News | Radiopharmaceuticals and Tracers | November 02, 2016

Earlier Alzheimer's Diagnosis May Be Possible with New Imaging Compound

Compound offers promise of detecting smaller amyloid beta clumps to help catch disease earlier

Alzheimer's disease, early diagnosis, PET scans, imaging compound, Fluselenamyl

Researchers at Washington University School of Medicine in St. Louis have developed a chemical compound that detects the Alzheimer’s protein amyloid beta better than current FDA-approved agents. The compound potentially may be used in brain scans to identify people in the earliest stages of Alzheimer’s disease. In the image, the compound has passed from the bloodstream of a living mouse into its brain, where it is detected by a positron emission tomography (PET) scan. Arrows indicate clumps of amyloid beta. Credit Ping Yan and Jin-Moo Lee.

November 2, 2016 — By the time unambiguous signs of memory loss and cognitive decline appear in people with Alzheimer’s disease, their brains already are significantly damaged, dotted with clumps of a destructive protein known as amyloid beta. For years, scientists have sought methods and clues to help identify brain changes associated with Alzheimer’s earlier in the disease process, so they can try to stop or even reverse the changes before they severely affect people’s lives.

Now, researchers at Washington University School of Medicine in St. Louis have developed a chemical compound, named Fluselenamyl, that detects amyloid clumps better than current U.S. Food and Drug Administration (FDA)-approved compounds. If a radioactive atom is incorporated into the compound, its location in a living brain can be monitored using positron emission tomography (PET) scans.

The compound, described in a paper published Nov. 2 in Scientific Reports, one of the Nature journals, potentially could be used in brain scans to identify the signs of early-stage Alzheimer’s disease or to monitor response to treatment.

“Fluselenamyl is both more sensitive and likely more specific than current agents,” said Vijay Sharma, Ph.D., a professor of radiology, of neurology and of biomedical engineering, and the study’s senior author. “Using this compound, I think we can reduce false negatives, potentially do a better job of identifying people in the earliest stages of Alzheimer’s disease and assess the effects of treatments.”

Amyloid plaques are one of the most telltale findings in the brains of people with Alzheimer’s disease. The neurons near such plaques are often dead or damaged, and this loss of brain cells is thought to account for difficulty with thinking, memory loss and confusion experienced by Alzheimer’s patients.

Amyloid plaques can be either diffuse or compact. The compact kind has long been associated with the disease, but conventional wisdom has held that diffuse plaques are benign, since they can be found in the brains of elderly people without any symptoms of Alzheimer’s disease, as well as the brains of those with Alzheimer’s. Sharma believes that diffuse plaques may mark the earliest stages of the disease.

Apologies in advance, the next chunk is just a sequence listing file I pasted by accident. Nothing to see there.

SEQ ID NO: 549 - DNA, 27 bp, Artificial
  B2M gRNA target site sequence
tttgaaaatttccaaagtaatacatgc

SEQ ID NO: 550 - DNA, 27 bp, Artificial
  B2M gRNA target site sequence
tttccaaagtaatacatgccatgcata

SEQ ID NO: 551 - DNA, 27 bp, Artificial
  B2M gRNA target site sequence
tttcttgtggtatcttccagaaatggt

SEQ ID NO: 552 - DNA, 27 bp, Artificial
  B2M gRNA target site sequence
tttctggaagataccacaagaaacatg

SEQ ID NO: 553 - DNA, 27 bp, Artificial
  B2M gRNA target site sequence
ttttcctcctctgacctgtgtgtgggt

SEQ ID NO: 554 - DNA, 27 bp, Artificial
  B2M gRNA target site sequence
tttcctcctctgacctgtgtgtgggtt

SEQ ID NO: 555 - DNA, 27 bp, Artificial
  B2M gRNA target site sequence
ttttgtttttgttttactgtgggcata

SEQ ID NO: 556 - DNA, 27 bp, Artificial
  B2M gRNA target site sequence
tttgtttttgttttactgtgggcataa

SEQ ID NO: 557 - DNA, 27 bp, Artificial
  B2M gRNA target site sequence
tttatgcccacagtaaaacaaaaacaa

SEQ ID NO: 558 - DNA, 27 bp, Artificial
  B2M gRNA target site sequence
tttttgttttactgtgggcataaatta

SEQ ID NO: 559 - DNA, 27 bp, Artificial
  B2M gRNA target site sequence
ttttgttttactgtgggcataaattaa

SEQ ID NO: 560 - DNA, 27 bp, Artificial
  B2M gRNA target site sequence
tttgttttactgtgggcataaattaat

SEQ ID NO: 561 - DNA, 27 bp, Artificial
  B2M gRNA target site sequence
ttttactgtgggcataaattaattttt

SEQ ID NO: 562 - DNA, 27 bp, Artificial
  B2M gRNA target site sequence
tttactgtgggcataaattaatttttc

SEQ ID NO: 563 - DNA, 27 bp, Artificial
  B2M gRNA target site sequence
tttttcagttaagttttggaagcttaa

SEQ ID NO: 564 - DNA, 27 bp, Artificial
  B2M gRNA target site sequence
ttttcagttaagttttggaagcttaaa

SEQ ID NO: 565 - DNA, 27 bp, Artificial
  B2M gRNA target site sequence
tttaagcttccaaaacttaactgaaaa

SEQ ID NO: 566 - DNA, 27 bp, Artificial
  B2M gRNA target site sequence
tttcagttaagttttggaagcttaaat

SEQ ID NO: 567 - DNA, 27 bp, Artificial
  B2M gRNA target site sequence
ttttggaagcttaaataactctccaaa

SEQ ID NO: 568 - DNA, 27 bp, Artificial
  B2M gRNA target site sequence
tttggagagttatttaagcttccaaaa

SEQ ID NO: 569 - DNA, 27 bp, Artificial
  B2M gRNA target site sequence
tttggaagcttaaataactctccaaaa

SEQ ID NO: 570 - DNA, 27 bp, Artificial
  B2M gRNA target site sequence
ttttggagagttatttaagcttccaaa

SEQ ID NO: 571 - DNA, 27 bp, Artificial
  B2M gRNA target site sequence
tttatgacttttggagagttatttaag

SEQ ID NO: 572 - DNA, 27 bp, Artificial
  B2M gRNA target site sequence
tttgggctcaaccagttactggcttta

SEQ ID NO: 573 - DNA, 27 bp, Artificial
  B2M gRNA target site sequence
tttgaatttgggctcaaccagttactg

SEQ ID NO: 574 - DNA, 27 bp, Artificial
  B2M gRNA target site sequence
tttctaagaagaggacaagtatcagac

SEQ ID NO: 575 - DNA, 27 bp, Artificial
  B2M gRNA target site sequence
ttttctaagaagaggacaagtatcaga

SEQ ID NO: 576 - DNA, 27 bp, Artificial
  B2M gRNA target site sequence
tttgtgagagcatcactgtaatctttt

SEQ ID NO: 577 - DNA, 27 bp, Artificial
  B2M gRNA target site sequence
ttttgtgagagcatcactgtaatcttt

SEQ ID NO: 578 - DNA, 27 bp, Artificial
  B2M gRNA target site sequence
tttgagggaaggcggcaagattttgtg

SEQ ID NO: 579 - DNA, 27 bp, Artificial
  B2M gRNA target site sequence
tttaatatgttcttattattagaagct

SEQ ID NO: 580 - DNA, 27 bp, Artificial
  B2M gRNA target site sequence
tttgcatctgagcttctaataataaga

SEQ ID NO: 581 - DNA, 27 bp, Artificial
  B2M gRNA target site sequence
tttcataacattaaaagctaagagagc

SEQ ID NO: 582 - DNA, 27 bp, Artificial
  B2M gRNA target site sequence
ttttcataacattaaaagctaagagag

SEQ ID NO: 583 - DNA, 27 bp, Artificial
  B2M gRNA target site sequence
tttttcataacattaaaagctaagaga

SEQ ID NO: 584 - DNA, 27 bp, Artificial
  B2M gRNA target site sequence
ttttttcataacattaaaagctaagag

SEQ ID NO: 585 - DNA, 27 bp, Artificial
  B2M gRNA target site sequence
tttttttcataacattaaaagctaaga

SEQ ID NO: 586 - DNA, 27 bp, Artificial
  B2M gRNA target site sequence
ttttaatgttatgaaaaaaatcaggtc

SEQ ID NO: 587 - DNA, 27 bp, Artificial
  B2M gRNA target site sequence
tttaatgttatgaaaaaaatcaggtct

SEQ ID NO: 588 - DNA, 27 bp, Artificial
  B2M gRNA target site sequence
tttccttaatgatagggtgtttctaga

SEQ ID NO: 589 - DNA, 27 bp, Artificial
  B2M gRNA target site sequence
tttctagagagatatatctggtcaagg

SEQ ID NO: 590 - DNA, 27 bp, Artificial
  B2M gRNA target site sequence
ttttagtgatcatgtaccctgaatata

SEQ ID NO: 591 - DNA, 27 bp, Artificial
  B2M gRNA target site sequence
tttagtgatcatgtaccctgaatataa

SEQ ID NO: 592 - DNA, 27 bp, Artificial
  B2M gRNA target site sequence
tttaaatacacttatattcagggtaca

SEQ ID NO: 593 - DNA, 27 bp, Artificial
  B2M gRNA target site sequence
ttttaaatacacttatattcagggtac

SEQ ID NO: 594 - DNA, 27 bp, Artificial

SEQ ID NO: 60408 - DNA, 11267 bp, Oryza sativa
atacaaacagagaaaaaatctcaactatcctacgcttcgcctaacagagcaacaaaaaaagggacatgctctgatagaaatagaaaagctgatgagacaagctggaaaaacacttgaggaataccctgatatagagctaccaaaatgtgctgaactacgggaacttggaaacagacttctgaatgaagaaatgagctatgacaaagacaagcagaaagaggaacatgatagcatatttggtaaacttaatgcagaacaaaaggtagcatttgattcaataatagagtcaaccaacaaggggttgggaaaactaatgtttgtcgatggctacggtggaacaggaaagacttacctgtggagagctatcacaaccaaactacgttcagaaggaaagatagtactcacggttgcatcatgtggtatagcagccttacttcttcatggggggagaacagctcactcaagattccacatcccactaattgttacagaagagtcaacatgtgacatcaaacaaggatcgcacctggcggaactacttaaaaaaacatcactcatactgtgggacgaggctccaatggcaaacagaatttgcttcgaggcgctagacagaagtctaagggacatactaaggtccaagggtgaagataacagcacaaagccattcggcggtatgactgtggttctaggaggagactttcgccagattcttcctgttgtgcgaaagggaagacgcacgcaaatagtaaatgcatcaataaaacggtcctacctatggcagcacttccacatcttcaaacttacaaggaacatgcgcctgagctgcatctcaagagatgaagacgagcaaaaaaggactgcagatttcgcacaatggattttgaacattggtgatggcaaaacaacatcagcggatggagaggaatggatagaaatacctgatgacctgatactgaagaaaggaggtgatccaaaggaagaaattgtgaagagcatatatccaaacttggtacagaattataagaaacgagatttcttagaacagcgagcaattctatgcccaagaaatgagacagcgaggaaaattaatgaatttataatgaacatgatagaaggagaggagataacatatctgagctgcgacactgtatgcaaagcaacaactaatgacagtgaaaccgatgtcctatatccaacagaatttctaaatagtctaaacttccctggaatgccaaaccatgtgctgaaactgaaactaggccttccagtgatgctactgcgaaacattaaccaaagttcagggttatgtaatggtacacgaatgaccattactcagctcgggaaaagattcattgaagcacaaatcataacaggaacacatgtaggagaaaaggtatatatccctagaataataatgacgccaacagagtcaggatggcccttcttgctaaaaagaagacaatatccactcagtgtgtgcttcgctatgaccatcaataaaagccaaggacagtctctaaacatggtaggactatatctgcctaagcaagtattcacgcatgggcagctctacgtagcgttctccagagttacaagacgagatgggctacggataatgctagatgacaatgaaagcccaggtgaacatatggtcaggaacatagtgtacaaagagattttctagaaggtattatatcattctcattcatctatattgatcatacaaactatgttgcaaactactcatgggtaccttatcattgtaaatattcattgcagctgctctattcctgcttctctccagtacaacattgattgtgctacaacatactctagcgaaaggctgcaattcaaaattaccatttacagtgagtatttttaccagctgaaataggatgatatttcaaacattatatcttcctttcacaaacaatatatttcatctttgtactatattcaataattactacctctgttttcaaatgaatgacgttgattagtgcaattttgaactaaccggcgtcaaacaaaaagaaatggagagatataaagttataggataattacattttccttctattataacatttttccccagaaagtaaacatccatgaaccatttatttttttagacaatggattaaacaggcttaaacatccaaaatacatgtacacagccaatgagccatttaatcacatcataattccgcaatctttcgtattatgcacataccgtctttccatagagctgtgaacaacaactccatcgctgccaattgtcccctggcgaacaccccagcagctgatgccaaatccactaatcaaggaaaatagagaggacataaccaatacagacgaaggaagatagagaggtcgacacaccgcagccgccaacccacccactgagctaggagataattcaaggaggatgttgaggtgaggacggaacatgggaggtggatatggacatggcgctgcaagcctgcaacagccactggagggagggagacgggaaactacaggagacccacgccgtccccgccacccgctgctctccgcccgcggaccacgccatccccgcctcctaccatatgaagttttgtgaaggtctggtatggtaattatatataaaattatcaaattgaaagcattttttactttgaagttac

“It is a relatively underexplored area in the development of Alzheimer’s pathology,” Sharma said. “Since current approved agents don’t detect diffuse plaques, there is no reliable noninvasive imaging tool to investigate this aspect in animal models or in patients. Our compound could be used to study the role of diffuse plaques.”

Using human amyloid beta proteins, Sharma and colleagues showed that Fluselenamyl bound to such proteins two to 10 times better than each of the three FDA-approved imaging agents for detecting amyloid beta. In other words, Fluselenamyl detected much smaller clumps of the protein, indicating that it may be able to detect the brain changes associated with Alzheimer’s disease earlier.

To determine whether Fluselenamyl can detect plaques in the brain, the researchers used the compound to stain brain slices from people who had died of Alzheimer’s disease and, as controls, people of similar ages who had died of other causes. The brain slices from the Alzheimer’s patients, but not the controls, were identified as containing plaques.

When a radioactive atom was incorporated into the compound, the researchers found very little interaction between Fluselenamyl and the healthy white matter in the human brain slices.

“A huge obstacle with existing state-of-the-art PET agents approved for plaque detection is that they tend to bind indiscriminately to the brain’s white matter, which creates false positives on the scans,” Sharma said. Nonspecific binding to other parts of the brain creates “noise,” which makes it difficult to distinguish samples with plaques from those without.

A similar experiment comparing mice genetically predisposed to develop amyloid plaques with normal control mice showed the same pattern of high sensitivity for amyloid beta and low binding to healthy white matter.